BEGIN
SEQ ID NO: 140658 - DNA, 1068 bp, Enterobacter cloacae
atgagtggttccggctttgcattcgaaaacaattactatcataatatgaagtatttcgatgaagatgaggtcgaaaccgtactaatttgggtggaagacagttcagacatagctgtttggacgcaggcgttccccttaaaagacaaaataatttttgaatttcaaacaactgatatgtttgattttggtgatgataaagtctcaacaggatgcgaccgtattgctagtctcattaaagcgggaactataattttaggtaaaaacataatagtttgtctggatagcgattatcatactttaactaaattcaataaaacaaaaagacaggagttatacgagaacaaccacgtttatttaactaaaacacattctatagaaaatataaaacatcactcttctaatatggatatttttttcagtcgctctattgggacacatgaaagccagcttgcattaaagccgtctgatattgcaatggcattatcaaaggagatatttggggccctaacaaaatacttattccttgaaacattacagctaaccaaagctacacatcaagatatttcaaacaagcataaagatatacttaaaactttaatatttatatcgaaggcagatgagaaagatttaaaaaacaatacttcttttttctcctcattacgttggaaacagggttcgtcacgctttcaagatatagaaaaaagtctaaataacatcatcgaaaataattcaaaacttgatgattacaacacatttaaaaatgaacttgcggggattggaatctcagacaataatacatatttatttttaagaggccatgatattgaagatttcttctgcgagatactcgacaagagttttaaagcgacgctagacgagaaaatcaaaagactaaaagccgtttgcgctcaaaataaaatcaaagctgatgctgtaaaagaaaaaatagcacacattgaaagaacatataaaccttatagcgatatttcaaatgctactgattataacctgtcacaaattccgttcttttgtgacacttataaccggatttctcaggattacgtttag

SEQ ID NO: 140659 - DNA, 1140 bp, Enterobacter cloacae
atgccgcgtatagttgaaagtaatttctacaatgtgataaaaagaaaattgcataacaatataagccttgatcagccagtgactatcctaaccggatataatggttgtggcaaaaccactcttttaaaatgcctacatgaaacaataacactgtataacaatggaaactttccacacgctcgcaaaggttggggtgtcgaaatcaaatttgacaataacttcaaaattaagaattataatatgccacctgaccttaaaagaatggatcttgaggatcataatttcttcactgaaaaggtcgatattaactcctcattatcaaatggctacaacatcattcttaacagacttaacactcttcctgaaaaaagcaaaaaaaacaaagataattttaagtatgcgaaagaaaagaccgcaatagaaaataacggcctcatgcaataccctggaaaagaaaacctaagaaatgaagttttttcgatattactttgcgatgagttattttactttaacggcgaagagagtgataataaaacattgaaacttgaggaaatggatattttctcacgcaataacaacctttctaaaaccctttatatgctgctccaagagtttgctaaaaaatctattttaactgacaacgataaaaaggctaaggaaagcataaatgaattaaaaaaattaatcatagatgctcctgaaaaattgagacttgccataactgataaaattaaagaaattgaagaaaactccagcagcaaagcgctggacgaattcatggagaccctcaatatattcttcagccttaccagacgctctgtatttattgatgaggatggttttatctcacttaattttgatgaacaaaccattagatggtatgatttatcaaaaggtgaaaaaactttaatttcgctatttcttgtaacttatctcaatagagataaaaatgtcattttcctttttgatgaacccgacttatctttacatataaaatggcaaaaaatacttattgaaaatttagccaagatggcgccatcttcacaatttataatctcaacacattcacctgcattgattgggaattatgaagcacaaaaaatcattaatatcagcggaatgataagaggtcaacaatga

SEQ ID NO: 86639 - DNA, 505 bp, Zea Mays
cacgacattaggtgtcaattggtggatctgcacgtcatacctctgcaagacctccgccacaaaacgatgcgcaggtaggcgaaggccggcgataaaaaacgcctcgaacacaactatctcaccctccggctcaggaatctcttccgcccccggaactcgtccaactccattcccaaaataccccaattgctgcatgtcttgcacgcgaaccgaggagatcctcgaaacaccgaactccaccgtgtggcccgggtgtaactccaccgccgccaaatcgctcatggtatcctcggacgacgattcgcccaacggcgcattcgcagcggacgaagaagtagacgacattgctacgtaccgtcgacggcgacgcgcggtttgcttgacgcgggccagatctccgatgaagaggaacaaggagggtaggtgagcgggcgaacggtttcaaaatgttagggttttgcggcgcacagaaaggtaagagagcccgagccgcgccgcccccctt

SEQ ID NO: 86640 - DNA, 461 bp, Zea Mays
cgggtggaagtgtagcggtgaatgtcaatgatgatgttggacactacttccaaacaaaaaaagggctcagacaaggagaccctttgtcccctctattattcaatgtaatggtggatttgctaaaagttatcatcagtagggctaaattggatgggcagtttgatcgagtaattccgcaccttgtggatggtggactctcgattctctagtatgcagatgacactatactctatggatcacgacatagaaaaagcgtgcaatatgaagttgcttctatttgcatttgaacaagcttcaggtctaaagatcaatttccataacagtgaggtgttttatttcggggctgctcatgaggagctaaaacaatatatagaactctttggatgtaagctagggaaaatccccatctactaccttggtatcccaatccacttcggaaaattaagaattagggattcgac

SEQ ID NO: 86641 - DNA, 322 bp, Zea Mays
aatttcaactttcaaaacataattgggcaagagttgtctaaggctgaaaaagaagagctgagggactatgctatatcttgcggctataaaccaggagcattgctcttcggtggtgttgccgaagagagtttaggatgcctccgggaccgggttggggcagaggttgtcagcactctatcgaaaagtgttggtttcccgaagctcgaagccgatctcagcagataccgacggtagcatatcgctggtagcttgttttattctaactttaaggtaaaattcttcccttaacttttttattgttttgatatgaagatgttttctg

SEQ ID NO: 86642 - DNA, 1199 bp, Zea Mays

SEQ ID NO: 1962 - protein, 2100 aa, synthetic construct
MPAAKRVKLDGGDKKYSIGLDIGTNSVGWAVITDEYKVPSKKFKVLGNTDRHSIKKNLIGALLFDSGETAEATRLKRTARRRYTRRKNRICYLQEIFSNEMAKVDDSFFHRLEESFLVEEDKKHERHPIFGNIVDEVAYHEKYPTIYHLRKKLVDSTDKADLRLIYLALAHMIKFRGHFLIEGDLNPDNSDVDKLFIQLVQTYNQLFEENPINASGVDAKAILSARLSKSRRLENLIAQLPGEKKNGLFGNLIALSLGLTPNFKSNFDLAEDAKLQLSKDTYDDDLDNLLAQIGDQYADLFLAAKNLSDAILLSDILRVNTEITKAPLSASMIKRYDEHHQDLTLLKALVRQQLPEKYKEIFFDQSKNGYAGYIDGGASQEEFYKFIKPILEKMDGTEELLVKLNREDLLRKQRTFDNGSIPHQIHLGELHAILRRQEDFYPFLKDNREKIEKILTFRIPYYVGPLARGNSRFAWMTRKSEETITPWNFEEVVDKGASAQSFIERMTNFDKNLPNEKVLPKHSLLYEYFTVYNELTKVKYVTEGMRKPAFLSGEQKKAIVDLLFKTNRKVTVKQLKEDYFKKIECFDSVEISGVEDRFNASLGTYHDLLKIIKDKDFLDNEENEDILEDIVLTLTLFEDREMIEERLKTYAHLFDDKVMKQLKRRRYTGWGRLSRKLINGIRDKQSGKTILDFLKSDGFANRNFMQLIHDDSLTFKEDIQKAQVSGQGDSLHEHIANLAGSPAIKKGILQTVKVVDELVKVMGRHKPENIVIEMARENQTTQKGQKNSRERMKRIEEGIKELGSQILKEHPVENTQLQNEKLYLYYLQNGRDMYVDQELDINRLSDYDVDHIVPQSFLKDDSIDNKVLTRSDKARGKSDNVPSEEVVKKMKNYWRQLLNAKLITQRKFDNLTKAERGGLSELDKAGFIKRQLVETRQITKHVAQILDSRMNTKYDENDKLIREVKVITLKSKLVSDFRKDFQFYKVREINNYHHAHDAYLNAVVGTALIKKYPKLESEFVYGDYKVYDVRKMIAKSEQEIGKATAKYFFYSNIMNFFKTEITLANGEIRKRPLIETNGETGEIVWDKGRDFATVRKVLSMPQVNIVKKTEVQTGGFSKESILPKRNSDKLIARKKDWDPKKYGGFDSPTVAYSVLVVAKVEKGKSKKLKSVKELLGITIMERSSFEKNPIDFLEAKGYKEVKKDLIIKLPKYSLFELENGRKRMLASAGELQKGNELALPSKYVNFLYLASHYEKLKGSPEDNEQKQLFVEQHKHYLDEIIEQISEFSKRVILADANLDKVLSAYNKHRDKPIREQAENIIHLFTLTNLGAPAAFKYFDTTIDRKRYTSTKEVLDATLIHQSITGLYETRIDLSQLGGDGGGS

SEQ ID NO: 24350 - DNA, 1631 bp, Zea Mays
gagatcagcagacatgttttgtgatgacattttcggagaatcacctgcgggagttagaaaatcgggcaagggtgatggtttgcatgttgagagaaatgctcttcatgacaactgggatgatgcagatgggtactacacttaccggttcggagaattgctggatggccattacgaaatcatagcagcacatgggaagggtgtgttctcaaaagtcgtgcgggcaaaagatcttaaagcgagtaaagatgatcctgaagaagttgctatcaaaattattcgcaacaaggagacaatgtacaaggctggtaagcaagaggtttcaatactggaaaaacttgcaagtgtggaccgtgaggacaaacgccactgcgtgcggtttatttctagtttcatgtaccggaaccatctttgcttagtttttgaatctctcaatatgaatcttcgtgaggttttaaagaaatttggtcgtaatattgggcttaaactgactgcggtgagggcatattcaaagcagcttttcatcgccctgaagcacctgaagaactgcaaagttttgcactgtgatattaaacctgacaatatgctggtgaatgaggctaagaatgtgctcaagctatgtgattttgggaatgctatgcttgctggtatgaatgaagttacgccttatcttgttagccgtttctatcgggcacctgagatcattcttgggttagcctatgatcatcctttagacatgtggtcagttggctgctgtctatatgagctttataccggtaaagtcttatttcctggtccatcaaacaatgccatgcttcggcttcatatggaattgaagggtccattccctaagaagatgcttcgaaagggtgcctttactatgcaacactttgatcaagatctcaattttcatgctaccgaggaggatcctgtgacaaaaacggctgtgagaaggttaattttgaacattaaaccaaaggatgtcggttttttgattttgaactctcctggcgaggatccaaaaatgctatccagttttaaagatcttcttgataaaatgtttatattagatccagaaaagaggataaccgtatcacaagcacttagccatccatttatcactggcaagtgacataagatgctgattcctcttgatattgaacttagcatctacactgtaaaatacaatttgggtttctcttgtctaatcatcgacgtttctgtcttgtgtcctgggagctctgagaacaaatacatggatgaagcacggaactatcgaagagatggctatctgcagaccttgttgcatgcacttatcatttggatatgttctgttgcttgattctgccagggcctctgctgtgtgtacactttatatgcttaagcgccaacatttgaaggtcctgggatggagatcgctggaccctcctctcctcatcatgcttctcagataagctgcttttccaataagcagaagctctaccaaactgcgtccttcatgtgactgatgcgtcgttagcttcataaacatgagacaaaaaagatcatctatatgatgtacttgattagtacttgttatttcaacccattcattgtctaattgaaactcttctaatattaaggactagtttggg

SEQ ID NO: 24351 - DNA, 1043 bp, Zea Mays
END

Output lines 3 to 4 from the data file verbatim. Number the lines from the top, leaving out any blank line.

SEQ ID NO: 140659 - DNA, 1140 bp, Enterobacter cloacae
atgccgcgtatagttgaaagtaatttctacaatgtgataaaaagaaaattgcataacaatataagccttgatcagccagtgactatcctaaccggatataatggttgtggcaaaaccactcttttaaaatgcctacatgaaacaataacactgtataacaatggaaactttccacacgctcgcaaaggttggggtgtcgaaatcaaatttgacaataacttcaaaattaagaattataatatgccacctgaccttaaaagaatggatcttgaggatcataatttcttcactgaaaaggtcgatattaactcctcattatcaaatggctacaacatcattcttaacagacttaacactcttcctgaaaaaagcaaaaaaaacaaagataattttaagtatgcgaaagaaaagaccgcaatagaaaataacggcctcatgcaataccctggaaaagaaaacctaagaaatgaagttttttcgatattactttgcgatgagttattttactttaacggcgaagagagtgataataaaacattgaaacttgaggaaatggatattttctcacgcaataacaacctttctaaaaccctttatatgctgctccaagagtttgctaaaaaatctattttaactgacaacgataaaaaggctaaggaaagcataaatgaattaaaaaaattaatcatagatgctcctgaaaaattgagacttgccataactgataaaattaaagaaattgaagaaaactccagcagcaaagcgctggacgaattcatggagaccctcaatatattcttcagccttaccagacgctctgtatttattgatgaggatggttttatctcacttaattttgatgaacaaaccattagatggtatgatttatcaaaaggtgaaaaaactttaatttcgctatttcttgtaacttatctcaatagagataaaaatgtcattttcctttttgatgaacccgacttatctttacatataaaatggcaaaaaatacttattgaaaatttagccaagatggcgccatcttcacaatttataatctcaacacattcacctgcattgattgggaattatgaagcacaaaaaatcattaatatcagcggaatgataagaggtcaacaatga